3. PR or PA – This designates if you have purchased Disney Cruise Line bus transfers post cruise.  PR means Port to Resort (a Disney property), PA means Port to Airport.  Upon disembarking and clearing customs, you will show your card to the people outside who will direct you to the appropriate bus.  (Here’s hoping it says PR, and your Disney fun is continuing on dry land!).
  4. This area indicates your current Castaway Club status.  CC is Disney’s form of frequent traveler club.  Silver is gained after completing your first cruise.  Gold after completing your fifth cruise.  Platinum is gained after cruising 10 times.  This area will also indicate your CC ID#.
  5. This is an internal identifier that tracks your check in area at the terminal.
  6. What IS that string of letters???  This confusing series details your dinner rotation while onboard.  As Disney rotates you through all of the main dining rooms during your cruise, this is an easy way for you to remind yourself of where you eat each night.  For example, on my card above, our rotation on the Fantasy was:  Animator’s Palate, Enchanted Garden, Royal Court, Animator’s Palate, Enchanted Garden, Enchanted Garden, Royal Court.While it is possible to contact DCL in advance to request a rotation, it is not guaranteed and you will not know for sure until you check in and receive your KTTW cards.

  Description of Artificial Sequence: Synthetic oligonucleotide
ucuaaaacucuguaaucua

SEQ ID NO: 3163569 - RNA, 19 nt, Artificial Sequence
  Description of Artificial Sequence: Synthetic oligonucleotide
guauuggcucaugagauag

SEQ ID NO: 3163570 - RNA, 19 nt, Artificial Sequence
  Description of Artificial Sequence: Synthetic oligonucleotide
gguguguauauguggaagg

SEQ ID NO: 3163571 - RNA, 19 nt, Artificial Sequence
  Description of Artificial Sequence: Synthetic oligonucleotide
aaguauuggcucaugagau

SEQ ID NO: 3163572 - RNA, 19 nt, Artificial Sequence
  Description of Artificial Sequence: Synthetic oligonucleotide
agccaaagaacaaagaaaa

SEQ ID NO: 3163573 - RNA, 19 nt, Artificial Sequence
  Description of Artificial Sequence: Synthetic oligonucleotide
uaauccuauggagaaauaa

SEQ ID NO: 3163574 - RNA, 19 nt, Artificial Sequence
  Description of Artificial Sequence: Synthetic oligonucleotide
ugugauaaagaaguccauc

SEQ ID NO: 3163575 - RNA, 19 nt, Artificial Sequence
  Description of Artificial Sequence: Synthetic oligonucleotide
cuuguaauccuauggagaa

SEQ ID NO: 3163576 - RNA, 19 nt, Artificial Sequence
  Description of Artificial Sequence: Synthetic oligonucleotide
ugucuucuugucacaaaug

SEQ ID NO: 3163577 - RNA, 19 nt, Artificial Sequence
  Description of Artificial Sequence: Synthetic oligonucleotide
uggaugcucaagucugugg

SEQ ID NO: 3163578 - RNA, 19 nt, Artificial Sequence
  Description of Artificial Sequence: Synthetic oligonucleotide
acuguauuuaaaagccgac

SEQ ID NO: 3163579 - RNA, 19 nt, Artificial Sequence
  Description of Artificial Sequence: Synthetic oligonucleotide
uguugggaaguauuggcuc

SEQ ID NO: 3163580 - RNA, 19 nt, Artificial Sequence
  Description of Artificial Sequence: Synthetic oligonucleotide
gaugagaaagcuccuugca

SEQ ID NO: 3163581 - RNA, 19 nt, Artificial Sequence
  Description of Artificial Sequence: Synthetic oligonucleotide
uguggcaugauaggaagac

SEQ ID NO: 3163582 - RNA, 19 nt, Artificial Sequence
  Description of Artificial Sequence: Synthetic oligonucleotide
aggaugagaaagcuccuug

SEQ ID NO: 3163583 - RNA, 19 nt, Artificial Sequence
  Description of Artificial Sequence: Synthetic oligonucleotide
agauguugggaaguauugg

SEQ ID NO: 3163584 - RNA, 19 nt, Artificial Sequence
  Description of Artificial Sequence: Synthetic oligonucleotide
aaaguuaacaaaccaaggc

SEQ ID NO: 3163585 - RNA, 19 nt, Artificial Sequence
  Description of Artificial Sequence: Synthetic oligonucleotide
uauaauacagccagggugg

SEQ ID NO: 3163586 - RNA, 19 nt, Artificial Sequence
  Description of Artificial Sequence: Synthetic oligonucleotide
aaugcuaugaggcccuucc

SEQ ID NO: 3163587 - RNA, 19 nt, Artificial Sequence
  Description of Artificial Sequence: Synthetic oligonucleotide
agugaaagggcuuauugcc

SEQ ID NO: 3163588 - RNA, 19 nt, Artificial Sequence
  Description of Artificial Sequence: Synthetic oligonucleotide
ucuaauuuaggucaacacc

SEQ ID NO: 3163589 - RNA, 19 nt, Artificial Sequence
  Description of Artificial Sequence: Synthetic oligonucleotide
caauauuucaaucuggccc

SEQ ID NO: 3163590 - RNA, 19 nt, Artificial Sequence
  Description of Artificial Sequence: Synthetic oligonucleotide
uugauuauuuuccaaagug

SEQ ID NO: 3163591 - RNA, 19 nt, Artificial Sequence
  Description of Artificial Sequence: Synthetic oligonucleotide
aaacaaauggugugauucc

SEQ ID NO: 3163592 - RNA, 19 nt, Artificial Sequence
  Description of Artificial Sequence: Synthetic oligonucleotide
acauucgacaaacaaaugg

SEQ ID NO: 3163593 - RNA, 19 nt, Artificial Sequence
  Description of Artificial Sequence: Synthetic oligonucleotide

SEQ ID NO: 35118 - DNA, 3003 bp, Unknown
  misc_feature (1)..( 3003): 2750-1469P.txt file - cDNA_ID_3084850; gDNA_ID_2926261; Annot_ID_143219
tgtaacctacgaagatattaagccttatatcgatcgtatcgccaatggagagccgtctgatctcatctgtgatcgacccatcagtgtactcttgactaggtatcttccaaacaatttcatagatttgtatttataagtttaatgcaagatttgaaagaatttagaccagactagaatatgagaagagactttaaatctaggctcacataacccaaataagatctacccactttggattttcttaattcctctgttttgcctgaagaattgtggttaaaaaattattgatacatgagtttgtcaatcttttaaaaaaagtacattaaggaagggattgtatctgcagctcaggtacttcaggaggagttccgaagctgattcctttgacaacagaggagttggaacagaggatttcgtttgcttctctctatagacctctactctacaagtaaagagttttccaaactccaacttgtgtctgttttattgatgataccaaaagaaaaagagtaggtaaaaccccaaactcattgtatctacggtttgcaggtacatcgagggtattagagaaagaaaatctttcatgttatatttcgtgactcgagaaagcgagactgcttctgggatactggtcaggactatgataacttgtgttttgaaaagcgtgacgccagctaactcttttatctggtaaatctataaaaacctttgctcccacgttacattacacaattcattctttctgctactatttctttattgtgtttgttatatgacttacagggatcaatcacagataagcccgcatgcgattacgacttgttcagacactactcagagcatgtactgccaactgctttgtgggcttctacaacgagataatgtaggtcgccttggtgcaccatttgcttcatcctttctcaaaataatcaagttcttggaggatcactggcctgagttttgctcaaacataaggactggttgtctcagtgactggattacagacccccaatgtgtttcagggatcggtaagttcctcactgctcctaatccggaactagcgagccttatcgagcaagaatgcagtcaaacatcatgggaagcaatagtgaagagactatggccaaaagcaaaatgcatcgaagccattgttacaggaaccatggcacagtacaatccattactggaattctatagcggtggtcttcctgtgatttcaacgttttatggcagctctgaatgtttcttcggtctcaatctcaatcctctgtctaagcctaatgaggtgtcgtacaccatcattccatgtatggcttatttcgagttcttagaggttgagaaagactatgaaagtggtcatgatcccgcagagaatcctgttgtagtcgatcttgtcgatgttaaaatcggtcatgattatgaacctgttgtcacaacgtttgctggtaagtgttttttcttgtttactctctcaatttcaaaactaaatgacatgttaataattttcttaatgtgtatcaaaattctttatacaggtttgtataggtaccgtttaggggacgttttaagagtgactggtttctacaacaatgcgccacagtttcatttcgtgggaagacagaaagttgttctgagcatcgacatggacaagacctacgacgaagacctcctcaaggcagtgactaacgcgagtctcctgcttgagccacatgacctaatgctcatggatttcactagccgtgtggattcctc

7. This large letter is an important one.  This indicates your lifeboat station.  Once onboard there is a mandatory lifeboat drill for everyone.  The diagram on the back of your stateroom door will remind you of your letter and show you the path to take.  While most stations are located on Deck 4 where you will see these large letters on green signs above the deck, others are located indoors in the restaurants or theaters.
  8. This indicates your dining time as well as your table number that is the same throughout each restaurant.  Please be mindful of your dining time.  There are two seatings per evening and if you come in late to the first seating, you are in for a fast dining experience as your server team must feed you and reset the room before the second seating.